The proposed changes would benefit private hospitals that lose money under the current design of the “bed tax,” which is actually a levy on net patient revenue. The money is used as state matching funding to get federal money that increases Medicaid insurance payments to hospitals.
Association executives said the changes would make the program more lucrative for the state without harming financially teetering hospitals that serve a large number of Medicaid patients, most of whom are children.
What to do about the tax will be a key for state lawmakers in their session that begins Jan. 14. If the tax expires with no substitute, lawmakers would, in effect, add $650 million or so to the fiscal year 2014 shortfall for the Medicaid insurance program for the poor, elderly and disabled.
That would force lawmakers to make steep cuts to Medicaid payments for providers, replace the lost Medicaid money by cutting other public issue services, or a combination. There is uniform opposition among Gov. Nathan Deal and Republican legislative leaders to increase broad-based taxes to handle budget woes.
Association spokesman Kevin Bloye said that hospital representatives have presented the plan to Deal and that he is generally supportive. Deal spokesman Brian Robinson did not immediately respond to a request for comment.
Deal will present his budget proposal after the General Assembly convenes.
Bloye promised that hospital executives, along with local and civic business leaders from around the state, will lobby for the plan.
“We are arguing that this is an economic development and quality-of-life issue,” he said. “It would be catastrophic to local communities” for hospitals to lose revenue, lay off health care professionals and deny care to patients, he said. “Some community hospitals would close.”
There is political pressure not to renew or replace the tax, led by anti-government advocate Grover Norquist, author of the famous anti-tax pledge that many Republican politicians, including Deal, have signed.
Lawmakers adopted the tax in 2010 as state tax collections tanked because of the recession.
Hospitals in Georgia pay a 1.45 percent levy on net patient revenue. That will yield about $234 million in the budget year that ends June 30.
That money yields about $448 million in additional federal support for Medicaid. Hospitals then get a resulting 11.88 percent bump in their payment rates for treating Medicaid patients.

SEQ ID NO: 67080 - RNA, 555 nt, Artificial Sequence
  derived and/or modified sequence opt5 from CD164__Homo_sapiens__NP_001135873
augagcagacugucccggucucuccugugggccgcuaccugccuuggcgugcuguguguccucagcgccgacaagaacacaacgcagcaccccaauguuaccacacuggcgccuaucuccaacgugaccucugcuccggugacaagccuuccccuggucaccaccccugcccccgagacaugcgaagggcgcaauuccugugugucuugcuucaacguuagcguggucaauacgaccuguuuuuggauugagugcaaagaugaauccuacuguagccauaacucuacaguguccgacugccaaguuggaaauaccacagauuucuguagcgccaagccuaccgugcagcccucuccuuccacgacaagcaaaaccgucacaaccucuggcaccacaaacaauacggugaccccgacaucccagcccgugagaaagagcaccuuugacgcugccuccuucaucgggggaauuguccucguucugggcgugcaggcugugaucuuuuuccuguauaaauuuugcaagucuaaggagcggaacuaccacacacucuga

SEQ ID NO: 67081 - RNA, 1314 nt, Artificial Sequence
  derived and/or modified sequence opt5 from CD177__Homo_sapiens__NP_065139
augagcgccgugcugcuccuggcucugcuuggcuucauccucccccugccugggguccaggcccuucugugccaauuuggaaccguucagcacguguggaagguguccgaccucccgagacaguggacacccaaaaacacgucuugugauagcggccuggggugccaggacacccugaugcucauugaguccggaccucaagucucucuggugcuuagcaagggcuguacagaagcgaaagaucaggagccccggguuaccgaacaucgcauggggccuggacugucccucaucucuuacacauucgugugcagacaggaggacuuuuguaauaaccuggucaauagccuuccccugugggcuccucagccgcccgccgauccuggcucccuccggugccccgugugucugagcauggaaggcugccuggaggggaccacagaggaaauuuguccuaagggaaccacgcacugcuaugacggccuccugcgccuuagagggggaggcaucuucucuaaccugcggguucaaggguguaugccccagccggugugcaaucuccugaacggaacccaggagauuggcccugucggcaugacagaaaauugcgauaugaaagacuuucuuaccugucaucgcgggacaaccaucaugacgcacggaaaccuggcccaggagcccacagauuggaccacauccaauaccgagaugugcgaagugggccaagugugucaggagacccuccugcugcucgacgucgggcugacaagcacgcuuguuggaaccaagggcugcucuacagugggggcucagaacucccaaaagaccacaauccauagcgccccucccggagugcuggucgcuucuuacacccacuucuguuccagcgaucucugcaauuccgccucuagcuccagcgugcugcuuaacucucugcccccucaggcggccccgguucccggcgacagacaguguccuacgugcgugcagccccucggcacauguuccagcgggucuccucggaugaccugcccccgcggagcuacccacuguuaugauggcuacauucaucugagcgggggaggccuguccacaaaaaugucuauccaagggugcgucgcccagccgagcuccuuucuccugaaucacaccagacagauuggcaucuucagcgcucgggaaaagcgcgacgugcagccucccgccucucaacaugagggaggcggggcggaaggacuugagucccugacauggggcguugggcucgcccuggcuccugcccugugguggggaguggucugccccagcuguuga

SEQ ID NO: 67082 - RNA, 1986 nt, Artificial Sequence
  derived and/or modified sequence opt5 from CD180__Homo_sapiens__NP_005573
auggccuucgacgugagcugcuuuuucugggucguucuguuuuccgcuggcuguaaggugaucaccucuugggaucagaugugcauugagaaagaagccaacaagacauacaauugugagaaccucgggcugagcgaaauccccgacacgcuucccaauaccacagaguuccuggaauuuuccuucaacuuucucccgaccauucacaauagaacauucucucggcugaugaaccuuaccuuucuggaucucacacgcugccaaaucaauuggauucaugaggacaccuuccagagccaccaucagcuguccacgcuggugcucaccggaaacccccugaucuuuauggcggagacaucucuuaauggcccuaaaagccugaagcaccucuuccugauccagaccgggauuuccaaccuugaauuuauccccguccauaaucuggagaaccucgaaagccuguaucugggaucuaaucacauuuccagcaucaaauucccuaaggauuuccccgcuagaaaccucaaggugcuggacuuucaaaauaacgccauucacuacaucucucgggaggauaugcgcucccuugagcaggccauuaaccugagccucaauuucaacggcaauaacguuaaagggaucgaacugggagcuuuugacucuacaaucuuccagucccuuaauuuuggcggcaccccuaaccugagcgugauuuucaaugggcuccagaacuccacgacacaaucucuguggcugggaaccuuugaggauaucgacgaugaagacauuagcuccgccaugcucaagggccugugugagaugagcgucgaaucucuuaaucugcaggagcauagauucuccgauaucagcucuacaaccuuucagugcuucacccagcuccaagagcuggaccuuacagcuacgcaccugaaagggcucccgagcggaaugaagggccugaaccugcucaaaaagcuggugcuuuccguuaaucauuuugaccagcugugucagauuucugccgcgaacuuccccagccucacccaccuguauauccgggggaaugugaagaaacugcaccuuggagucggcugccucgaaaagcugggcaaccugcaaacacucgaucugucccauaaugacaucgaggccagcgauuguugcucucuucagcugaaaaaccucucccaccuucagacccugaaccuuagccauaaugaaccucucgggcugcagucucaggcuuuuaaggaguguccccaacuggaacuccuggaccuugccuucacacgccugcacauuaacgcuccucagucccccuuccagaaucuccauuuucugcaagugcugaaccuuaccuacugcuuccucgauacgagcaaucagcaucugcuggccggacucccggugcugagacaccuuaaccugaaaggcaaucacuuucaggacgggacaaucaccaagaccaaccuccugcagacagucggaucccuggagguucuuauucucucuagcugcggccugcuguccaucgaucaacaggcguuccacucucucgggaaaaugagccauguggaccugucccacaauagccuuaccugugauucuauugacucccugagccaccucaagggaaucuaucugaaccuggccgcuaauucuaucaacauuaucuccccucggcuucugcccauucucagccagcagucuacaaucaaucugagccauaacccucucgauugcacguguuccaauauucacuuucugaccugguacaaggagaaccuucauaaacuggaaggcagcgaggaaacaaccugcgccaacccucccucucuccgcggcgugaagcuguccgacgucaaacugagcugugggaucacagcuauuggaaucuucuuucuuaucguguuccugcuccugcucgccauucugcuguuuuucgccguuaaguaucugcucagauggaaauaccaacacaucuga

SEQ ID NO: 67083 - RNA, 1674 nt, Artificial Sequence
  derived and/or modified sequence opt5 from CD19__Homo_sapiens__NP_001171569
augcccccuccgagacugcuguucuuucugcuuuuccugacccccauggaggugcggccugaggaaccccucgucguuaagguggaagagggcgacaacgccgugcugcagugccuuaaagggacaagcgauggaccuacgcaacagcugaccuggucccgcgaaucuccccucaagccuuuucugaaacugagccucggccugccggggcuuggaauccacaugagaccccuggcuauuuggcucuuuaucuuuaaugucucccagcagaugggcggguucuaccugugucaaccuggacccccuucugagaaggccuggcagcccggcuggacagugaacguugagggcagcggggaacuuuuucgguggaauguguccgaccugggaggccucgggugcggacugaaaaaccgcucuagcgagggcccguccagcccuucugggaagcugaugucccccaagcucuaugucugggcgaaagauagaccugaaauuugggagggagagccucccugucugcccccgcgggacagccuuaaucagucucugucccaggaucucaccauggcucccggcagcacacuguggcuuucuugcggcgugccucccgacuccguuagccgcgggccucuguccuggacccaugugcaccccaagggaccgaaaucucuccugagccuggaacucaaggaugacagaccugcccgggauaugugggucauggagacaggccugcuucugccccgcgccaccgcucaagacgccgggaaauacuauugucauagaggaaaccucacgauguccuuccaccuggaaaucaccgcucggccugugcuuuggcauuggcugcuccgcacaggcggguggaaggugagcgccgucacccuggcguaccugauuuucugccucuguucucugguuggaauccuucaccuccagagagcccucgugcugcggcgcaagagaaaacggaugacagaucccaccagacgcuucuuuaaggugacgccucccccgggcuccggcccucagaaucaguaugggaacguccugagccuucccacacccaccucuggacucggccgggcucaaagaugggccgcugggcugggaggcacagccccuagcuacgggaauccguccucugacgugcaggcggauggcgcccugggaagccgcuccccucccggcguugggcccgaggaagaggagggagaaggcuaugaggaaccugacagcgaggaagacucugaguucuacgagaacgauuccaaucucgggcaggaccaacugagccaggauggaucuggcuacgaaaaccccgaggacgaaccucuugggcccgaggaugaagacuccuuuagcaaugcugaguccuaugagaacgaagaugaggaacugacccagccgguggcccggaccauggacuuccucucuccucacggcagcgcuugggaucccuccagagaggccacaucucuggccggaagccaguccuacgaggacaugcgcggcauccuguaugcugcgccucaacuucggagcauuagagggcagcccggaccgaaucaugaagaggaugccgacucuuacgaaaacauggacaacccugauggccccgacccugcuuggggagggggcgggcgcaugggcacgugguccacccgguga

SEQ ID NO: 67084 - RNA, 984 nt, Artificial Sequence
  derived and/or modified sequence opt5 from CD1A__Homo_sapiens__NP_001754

The program amounts to a redistribution of revenue throughout Georgia hospitals. Large private systems like Atlanta-based Piedmont Healthcare are net losers because Medicaid patients aren’t a significant part of their patient base. The biggest net gainers are rural community hospitals and urban safety-nets such as Grady Health System.
Of course, private hospitals have stronger balance sheets in part because Grady and other, smaller hospitals serve patients who have no insurance or not enough coverage to pay for care.
Bloye said the industry plan would allow the tax to continue, while adding a second layer to help mitigate the losses for the private, wealthier hospitals. GHA’s financing chief, Carie Summers, said private hospitals would pay a second assessment based on the number of all overnight stays, except those paid by Medicare, the federal insurance program for older Americans.
Like the patient-revenue tax, that money would be parlayed into more federal cash, with the resulting pool helping finance what would effectively be rebate payments back to the private facilities.
Bloye described the plan as a hard-fought compromise among hospitals with varying interests.
Rep. Terry England, R-Auburn, the chairman of the House Appropriations Committee and a supporter of the general hospital tax concept, called it a positive sign that the hospital groups had rallied around a common plan.
England said the proposed changes would reduce the number of hospitals who pay more in taxes than they get in benefits. He said Georgia’s government would not keep any portion of the new revenue.
“Every dime of that then comes back to the hospitals and to the industry, so it all flows directly back to them,” England said. “And it helps provide indigent health care to the state.”
England was unsure whether the plan would be palatable to some of the staunchest anti-tax lawmakers in his party.
“I think with the hospital groups coming together on it, it makes things more palatable to folks than when everyone was all split,” he said.